Working with a European confectionary brand recently, Millward Brown combed through multiple data sources to quantify the value of paid, owned and earned activity on social media in driving both short-term sales impact and long-term brand health. By evaluating consumer interaction across key touch points and quantifying the causal relationship each interaction (or sequence and combination of interactions) had on sales and brand equity measures, the brand was better able to prioritise its future activities, and maximise sales.  Similarly, we worked with a US telecoms company to examine the on-site and competitive site activity of current customers to identify online predictors of churn. By continually tracking churn indicators, the telecoms company is able to detect early warning signals of customer defection and employ counter-measures to mitigate risk.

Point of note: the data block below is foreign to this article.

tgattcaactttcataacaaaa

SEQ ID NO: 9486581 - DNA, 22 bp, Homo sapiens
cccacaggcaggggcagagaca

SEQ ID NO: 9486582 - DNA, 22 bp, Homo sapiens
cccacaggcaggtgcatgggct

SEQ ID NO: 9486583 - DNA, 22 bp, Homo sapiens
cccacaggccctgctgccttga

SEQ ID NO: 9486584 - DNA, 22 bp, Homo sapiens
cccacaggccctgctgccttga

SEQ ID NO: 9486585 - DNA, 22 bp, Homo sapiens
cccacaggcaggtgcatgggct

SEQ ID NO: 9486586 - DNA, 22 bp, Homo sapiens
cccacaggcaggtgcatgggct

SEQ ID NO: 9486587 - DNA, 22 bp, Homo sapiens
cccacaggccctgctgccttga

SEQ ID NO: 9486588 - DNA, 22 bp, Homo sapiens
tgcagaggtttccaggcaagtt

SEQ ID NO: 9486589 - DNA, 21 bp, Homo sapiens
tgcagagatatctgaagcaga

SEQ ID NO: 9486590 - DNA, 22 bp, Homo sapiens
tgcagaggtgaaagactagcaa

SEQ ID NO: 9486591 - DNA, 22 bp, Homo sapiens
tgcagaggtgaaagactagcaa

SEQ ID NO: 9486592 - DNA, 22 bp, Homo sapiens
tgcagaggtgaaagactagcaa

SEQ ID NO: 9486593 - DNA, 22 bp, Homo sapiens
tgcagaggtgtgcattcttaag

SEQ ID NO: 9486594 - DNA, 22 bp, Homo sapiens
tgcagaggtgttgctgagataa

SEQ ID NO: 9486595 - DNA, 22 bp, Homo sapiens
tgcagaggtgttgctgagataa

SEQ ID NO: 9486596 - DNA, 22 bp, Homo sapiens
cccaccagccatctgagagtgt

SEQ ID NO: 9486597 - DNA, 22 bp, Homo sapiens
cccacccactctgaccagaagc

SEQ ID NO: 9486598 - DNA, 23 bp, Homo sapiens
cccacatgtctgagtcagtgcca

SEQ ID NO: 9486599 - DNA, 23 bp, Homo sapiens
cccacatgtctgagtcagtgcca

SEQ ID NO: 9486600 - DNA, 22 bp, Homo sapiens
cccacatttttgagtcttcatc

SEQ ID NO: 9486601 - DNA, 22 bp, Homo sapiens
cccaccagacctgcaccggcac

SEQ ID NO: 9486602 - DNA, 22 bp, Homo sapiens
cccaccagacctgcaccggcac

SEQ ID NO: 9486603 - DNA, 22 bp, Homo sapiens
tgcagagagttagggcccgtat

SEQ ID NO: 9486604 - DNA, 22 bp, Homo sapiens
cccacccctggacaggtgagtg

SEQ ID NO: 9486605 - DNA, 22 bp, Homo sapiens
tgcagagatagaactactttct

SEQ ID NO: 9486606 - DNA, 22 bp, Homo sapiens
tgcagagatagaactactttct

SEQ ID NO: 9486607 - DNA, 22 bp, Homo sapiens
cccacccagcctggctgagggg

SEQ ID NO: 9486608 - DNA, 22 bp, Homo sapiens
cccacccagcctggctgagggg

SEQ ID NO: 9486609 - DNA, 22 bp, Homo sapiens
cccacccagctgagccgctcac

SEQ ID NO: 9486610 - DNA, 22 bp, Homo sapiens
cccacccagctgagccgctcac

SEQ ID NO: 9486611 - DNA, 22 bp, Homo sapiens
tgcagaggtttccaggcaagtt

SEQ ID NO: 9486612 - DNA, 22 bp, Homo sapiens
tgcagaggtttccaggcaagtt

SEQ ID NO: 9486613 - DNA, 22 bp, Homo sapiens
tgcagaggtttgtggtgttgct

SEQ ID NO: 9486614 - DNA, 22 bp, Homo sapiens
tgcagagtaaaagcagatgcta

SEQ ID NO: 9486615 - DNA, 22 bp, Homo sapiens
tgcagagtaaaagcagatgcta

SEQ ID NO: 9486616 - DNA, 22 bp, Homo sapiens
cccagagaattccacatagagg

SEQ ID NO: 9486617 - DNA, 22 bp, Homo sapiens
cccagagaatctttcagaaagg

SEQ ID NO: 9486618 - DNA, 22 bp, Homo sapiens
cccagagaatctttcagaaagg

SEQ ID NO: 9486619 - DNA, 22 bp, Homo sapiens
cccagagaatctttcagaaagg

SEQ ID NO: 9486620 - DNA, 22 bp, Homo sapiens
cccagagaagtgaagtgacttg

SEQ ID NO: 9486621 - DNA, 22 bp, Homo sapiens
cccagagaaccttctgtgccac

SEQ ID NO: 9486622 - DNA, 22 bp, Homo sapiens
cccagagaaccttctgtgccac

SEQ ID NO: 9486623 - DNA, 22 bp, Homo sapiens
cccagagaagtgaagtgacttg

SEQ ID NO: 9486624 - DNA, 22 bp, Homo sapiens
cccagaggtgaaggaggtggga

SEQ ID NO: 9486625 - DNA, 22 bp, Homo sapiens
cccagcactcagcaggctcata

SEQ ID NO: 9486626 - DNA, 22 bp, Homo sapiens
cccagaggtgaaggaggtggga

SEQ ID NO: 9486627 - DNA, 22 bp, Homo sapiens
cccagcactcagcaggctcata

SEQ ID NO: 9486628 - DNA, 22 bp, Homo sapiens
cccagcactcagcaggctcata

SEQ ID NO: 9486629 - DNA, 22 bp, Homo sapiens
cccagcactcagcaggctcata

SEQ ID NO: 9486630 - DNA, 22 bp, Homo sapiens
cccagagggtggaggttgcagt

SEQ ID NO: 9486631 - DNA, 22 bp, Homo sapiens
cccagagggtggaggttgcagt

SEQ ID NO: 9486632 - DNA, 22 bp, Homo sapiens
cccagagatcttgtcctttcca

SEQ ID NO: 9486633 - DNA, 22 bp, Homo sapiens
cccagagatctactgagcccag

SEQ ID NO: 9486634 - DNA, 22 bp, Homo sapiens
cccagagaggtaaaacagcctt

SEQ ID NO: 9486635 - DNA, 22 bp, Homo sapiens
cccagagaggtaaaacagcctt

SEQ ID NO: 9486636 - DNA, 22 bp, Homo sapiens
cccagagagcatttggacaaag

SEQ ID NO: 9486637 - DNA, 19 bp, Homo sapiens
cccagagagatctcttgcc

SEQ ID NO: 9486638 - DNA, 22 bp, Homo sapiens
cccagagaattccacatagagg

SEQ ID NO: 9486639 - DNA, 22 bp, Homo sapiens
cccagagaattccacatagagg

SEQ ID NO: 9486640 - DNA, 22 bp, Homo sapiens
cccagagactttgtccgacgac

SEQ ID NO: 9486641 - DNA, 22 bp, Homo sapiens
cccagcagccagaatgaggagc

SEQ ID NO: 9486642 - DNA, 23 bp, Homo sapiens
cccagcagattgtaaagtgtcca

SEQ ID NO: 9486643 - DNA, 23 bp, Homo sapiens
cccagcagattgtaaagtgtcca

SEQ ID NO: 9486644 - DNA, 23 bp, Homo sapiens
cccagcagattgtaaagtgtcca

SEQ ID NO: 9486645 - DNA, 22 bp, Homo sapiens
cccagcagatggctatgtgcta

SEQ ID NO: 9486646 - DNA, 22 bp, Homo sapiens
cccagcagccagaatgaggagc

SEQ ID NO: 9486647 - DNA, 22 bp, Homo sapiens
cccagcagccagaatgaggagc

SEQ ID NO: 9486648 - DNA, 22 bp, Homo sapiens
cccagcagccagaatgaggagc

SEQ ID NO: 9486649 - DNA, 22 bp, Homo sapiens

Marketers are currently facing the front end of a steep learning curve as they themselves test and learn how to harness the power of big data efficiently.  Through further experimentation, the focus next year will shift from “big” to “intelligent” data, and ultimately, human knowledge and expertise applied to big data assets will be recognised as the key to translating the hype over big data into reality – and results.

The Author

Margaret Hung is SVP of Solutions at Millward Brown Digital, responsible for the go-to-market strategy for the company’s shopper and channel intelligence offers. A digital research veteran, Margaret first made the transition to digital as Head of Global Research for Dynamic Logic in 2003 and later went on to lead AOL Advertising’s ROI measurement efforts before joining Compete, Inc. as Managing Director, International. She previously worked at the Gallup Organization, Synovate Asia and Ipsos. Margaret has a MBA in Marketing and International Business from Columbia University.